Mechanisms and applications of the transduction of heat into sound by arrays of thin metallic films
Date: 12 September 2022
Thesis or dissertation
University of Exeter
PhD in Physics
The work presented in this thesis concerns the generation of sound via heat; namely, the thermoacoustic effect. This heat is typically provided by electric heating in thin film devices, resulting in non-resonant, broadband sound generation. The aim of this work is to develop a deeper understanding of the mechanisms behind this process, ...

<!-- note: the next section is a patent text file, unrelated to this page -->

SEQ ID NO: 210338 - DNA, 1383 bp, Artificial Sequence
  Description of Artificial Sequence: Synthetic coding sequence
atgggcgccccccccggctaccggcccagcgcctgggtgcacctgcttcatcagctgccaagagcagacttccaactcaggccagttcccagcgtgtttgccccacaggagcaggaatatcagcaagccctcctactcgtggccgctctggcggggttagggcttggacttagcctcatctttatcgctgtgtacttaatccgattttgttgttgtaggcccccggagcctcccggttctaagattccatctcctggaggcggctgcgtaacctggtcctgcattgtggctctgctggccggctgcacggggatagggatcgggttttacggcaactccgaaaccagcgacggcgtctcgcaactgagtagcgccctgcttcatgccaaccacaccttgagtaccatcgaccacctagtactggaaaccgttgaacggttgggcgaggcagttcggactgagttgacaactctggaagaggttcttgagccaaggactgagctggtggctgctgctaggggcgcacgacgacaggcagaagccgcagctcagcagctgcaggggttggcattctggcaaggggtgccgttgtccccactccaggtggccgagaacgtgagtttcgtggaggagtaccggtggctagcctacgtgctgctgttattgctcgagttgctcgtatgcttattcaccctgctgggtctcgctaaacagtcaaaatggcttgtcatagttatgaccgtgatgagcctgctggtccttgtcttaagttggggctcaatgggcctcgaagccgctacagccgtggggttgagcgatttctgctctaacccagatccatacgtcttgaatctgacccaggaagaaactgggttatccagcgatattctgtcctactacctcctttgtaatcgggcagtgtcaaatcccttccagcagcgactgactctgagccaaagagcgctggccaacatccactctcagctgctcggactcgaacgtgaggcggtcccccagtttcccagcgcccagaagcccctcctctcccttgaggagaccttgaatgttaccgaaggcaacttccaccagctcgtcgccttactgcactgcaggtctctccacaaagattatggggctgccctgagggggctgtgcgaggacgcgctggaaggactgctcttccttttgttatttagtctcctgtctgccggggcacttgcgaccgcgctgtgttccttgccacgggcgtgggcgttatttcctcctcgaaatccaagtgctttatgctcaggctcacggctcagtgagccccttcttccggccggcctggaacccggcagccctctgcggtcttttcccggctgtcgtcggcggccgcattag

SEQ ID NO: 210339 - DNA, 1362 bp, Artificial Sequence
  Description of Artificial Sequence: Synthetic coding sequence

The work presented in this thesis concerns the generation of sound via heat; namely, the thermoacoustic effect. This heat is typically provided by electric heating in thin film devices, resulting in non-resonant, broadband sound generation. The aim of this work is to develop a deeper understanding of the mechanisms behind this process, as well as identify potential applications. This is achieved via analytical and numerical simulations, and experimental measurements. A novel analytical model is derived for describing the sound generated by thermoacoustic sources. This is validated by simulation, as well as electrical, thermal and acoustic measurements of a variety of sources. Multiple sources are also considered, in the context of acoustic phased arrays. It is found that thermoacoustic sources can successfully reproduce typical phased array behaviour, such as beam forming and steering. It is shown that the unique characteristics of this transduction method make thermoacoustic sources highly favourable for this application. In particular, the sources are non-reciprocal, eliminating issues with element cross-talk. The thermal profile is spatially dependent on the local current flow, which offers the ability to define thermal sources by confining the current to specific regions in the film, such that a full phased array can be produced using a single film. Electrical coupling between elements, due to the nonlinearity of the source, results in an additional sound source that is highly sensitive to the configuration of the array. It is shown how this coupling can be used to infer properties of the array elements themselves by measuring the generated sound. A new method of thermoacoustic generation via thermoelectric effects is also explored. Measurements using thermocouple devices show that this results in linear sound generation, at the source fundamental frequency, due to the reversible nature of the effect. This reversibility also presents opportunities to further optimise sound output via dynamic control of the device temperature.
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